“Investing time to learn something in your professional make you RICH in your KNOWLEDGE, if you are not then it will make you POOR in your PERFORMANCE.”
– Attributed to Sivaprakash Sidhu

This afternoon I am heading off to the Gold Coast for a few days to attend FlipConAus, the first time that Jon Bergmann and Aaron Sams have brought the long-running US conference dedicated to flipped learning to Australian educators. My flight leaves this afternoon (I will be mid-point when this article posts) as I am attending a Masterclass on Thursday, followed by the conference itself on Friday and Saturday, returning home Sunday morning.

I look forward to meeting up with some of my readers and members of my online professional learning network face-to-face for the first time I still have article from #TMSpaces to write, and so my review of FlipCon likely won’t begin until the end of next week, if not the week after. Have a great weekend, and I hope to see you at FlipCon

Where the rubber hits the road

One of the most exciting and practical speakers, for me, from the FutureSchool expo in Sydney this year was the Flipped Learning Masterclass lead by Jon Bergmann that I was fortunate enough to attend. When I was offered the temp block that I have for the coming term, I decided that I was going to flip at least some of my classes.

I’ve finally finished my programming, and it is now time for the rubber to hit the road, and for me to actually record the videos that I will use with my classes. I have just finished recording and editing my first video, and it is currently rendering in Camtasia 8. It was a long process, with a lot of time devoted to my attempts to figure out the best way with the space and tools I had to record the actual video, and then how to get the video off the iPad onto the computer and into Camtasia. That was more of an ordeal than it needed to be.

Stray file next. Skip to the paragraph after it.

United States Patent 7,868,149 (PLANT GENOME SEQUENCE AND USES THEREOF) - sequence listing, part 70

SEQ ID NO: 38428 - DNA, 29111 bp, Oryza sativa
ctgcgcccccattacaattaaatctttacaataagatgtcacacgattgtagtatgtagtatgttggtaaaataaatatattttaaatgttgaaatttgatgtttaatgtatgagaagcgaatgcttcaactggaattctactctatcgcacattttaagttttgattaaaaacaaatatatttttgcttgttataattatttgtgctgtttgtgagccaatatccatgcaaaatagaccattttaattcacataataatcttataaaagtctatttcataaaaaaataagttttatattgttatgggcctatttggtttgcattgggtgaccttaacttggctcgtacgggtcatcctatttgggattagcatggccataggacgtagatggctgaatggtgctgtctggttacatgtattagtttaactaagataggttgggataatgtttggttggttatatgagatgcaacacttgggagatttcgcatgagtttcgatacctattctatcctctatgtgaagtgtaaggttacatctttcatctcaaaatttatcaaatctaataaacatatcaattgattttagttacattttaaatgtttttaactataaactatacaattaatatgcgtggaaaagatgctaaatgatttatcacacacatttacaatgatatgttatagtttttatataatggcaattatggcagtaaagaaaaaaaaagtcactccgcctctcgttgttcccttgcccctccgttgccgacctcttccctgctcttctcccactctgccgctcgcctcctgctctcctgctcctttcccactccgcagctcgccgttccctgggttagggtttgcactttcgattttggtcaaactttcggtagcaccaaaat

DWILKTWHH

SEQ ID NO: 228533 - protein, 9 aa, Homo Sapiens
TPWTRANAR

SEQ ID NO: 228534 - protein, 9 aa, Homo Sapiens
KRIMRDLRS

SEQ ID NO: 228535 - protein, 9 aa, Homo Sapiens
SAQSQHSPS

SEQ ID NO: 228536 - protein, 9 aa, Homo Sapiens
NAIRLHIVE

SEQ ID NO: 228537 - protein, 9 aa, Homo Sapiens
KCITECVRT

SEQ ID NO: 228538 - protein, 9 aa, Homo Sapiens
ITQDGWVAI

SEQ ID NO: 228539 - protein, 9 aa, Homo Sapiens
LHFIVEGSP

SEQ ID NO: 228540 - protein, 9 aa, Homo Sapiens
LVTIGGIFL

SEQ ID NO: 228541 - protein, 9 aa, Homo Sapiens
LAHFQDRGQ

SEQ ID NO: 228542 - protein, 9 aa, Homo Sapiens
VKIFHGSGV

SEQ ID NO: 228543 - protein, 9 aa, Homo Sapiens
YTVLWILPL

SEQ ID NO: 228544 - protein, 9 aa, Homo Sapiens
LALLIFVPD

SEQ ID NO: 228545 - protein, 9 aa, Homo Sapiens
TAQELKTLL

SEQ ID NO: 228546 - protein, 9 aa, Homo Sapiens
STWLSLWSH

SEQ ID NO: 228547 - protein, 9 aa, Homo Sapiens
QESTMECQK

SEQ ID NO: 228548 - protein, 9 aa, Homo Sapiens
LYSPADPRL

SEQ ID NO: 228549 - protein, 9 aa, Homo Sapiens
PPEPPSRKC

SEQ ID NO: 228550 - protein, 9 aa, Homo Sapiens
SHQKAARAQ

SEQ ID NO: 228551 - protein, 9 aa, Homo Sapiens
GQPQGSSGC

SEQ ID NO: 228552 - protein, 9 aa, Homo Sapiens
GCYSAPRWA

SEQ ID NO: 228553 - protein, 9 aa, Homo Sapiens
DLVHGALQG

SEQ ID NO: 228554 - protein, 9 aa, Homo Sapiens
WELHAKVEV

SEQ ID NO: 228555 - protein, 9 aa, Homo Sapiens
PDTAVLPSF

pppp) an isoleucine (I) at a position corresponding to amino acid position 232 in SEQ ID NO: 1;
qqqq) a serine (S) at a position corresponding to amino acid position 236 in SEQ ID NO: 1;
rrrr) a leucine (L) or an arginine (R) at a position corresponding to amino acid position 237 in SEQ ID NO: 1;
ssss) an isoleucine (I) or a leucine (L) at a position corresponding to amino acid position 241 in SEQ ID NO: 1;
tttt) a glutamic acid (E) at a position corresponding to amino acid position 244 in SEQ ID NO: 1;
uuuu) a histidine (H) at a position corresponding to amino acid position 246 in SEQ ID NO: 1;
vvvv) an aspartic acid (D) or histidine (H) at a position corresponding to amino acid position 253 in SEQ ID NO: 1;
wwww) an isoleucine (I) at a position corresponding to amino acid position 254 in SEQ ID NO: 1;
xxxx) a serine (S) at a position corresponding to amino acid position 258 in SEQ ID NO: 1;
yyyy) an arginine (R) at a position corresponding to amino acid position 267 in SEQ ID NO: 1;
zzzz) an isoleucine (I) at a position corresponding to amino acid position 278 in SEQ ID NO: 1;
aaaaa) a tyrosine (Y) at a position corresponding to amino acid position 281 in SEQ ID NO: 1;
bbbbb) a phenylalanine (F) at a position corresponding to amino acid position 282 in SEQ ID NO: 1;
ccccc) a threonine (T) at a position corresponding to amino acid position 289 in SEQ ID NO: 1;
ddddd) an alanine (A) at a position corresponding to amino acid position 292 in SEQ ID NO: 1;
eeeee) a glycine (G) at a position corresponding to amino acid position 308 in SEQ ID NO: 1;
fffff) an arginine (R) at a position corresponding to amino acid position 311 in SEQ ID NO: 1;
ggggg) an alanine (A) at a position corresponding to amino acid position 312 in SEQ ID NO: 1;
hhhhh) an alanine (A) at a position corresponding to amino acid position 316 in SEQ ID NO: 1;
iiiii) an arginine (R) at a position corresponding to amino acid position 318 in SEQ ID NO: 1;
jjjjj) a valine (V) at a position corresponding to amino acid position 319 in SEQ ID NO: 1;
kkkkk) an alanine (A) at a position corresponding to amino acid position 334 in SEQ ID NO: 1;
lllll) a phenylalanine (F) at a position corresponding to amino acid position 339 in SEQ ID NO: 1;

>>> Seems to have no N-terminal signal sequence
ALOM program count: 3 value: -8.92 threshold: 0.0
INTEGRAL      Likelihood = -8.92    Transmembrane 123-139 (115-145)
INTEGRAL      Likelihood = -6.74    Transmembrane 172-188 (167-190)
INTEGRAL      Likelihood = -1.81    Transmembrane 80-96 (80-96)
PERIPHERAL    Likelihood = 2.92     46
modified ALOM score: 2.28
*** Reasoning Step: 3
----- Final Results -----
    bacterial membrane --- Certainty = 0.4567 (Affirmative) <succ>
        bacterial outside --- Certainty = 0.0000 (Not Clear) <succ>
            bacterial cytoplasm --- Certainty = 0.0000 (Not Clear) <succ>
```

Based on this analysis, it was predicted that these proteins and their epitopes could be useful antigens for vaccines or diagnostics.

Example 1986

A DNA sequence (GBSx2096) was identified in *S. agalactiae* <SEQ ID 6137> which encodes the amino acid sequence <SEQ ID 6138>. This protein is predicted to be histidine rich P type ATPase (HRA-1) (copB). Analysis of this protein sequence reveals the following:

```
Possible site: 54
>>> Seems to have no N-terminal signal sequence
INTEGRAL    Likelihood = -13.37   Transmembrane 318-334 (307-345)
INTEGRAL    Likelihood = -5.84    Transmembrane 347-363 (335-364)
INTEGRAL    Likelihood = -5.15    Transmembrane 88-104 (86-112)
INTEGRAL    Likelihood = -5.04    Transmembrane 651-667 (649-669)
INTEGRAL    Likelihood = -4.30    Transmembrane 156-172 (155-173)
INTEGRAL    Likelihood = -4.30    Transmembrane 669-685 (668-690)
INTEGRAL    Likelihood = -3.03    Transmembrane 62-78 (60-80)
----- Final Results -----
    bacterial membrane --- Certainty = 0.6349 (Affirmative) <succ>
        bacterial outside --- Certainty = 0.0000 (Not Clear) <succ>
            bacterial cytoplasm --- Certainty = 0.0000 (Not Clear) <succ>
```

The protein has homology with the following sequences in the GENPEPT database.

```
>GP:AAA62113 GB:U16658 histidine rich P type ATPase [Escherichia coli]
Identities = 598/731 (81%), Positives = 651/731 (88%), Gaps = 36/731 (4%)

This particular video is a book study in the leadup to ANZAC Day here in Australia. I was able to source the book And the Band Played Waltzing Matilda by Eric Bogle, and the song (also by Eric Bogle) of the same name. I recorded myself reading the book on an iPad, and then took a photo of each page and stitched it together.

For a first effort, I think it is reasonable. I certainly want to fine tune things for further videos, and I will be looking into chromakey to enable me to be a bit more precise with the video work.

I’d love to hear some feedback on the video from anyone who has been flipping for a while, or has experience with chromakey work as to any tips they may have.

Temp Block Ahoy!

“dum loquimur, fugerit invida aetas: carpe diem, quam minimum credula postero.”

Translation:

“While we speak, envious time will have {already} fled: seize the day, trusting as little as possible in the next day.”

-The Horatian Odes 1.11

I would like to think that I have managed to impress my readers that I enjoyed and valued my time at the FutureSchools expo, ClassTech conference stream and the Masterclass with Jon Bergmann. I also was able to spend some time wandering around the exhibitors stalls, chatting with a few, and networking with other educators from around the country.